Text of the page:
Bayberry, scientifically known as Myrica cerifera, is an evergreen shrub or small tree native to the eastern coast of North America, spanning from Canada to the southeastern United States. It stands out for its aromatic leaves and distinctive waxy berries.
These small, clustered berries are notable for their grayish-green hue and natural wax coating, which can be harvested to create bayberry wax, a traditional component in candle making. The wax is obtained by heating the berries, causing the wax to rise to the surface, and then meticulously skimming and refining it.
Beyond its role in candle production, bayberry has a rich history of use in various medicinal and aromatic applications. The leaves and bark of the bayberry plant have served as ingredients in traditional herbal remedies, while bayberry oil finds its place in select fragrances and cosmetics.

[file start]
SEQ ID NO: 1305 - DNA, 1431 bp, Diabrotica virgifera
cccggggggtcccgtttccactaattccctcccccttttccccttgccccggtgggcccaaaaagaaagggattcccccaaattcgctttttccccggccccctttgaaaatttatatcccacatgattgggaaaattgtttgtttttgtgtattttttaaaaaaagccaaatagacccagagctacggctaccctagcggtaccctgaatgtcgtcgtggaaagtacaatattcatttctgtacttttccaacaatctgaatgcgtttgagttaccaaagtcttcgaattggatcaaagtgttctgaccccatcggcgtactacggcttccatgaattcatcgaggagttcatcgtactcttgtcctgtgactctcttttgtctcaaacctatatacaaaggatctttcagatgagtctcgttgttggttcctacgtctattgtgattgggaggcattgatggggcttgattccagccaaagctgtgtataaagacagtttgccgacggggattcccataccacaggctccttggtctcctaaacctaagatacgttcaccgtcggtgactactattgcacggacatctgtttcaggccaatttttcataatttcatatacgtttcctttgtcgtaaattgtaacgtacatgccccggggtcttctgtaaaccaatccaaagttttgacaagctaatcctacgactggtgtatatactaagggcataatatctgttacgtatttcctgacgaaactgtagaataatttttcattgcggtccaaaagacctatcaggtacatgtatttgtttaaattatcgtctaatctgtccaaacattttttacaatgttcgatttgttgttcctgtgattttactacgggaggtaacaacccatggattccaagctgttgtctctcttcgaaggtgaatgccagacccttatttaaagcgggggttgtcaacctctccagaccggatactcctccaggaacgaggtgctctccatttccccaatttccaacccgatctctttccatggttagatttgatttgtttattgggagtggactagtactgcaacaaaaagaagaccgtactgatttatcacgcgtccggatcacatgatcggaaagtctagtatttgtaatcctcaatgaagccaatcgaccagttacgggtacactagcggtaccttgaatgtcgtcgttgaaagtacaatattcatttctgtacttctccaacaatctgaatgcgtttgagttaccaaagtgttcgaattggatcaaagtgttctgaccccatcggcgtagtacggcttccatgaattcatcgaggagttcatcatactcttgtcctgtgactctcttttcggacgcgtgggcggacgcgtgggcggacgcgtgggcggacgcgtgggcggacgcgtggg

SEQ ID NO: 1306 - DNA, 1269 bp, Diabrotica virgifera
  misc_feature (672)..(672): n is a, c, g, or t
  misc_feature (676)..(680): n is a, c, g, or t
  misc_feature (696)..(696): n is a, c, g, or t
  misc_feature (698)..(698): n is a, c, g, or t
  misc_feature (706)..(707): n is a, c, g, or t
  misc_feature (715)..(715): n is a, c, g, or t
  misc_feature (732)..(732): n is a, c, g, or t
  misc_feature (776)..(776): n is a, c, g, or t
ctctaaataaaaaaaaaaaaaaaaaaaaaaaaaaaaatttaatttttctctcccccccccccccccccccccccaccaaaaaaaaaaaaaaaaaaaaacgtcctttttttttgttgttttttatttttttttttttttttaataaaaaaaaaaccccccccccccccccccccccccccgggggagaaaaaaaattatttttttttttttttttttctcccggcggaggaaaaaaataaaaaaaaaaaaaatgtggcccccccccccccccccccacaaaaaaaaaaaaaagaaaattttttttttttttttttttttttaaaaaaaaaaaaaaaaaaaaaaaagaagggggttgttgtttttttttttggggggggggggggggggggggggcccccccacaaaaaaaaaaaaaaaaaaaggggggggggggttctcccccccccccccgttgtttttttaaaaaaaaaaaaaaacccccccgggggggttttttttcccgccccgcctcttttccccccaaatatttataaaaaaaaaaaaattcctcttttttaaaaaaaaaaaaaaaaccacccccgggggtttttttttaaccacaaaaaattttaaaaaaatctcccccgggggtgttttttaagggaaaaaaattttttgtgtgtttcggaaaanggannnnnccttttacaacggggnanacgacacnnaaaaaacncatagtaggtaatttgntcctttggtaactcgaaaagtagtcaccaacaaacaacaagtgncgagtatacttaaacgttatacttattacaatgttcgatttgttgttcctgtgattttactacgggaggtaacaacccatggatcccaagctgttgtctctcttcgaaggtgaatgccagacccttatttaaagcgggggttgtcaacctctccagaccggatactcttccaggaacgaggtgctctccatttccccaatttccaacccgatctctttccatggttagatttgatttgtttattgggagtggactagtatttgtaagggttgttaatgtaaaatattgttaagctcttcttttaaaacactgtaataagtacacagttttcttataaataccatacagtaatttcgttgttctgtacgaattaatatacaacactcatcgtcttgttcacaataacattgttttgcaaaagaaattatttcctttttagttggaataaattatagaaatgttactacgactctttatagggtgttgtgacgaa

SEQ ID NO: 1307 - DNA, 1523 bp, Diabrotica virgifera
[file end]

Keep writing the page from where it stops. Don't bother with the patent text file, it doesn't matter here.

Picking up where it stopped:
The historical significance of bayberry is particularly evident in the tradition of Bayberry Candles in the United States. This tradition dates back to the early settlers who landed on the coastal United States, including Plymouth Plantation. Eager to harness the gifts of nature in all aspects of life, they discovered the bayberry bush with its waxy-coated fruits along the sandy Massachusetts coast.
During this period, tallow candles were the prevailing choice, but they left behind an undesirable odor. In contrast, when these settlers harvested bayberry wax and crafted it into candles, they were delighted by the sweet, fruity fragrance it emitted. This marked the inception of the enduring American tradition of Bayberry Candles
Traditionally, 8" Bayberry Candles burn for approximately 7.5 hours and are lit all the way down to the socket on Christmas Eve and New Year's Eve. This ritual is believed to ensure good fortune in the year to come, keeping the historical connection to bayberry alive and well in modern traditions.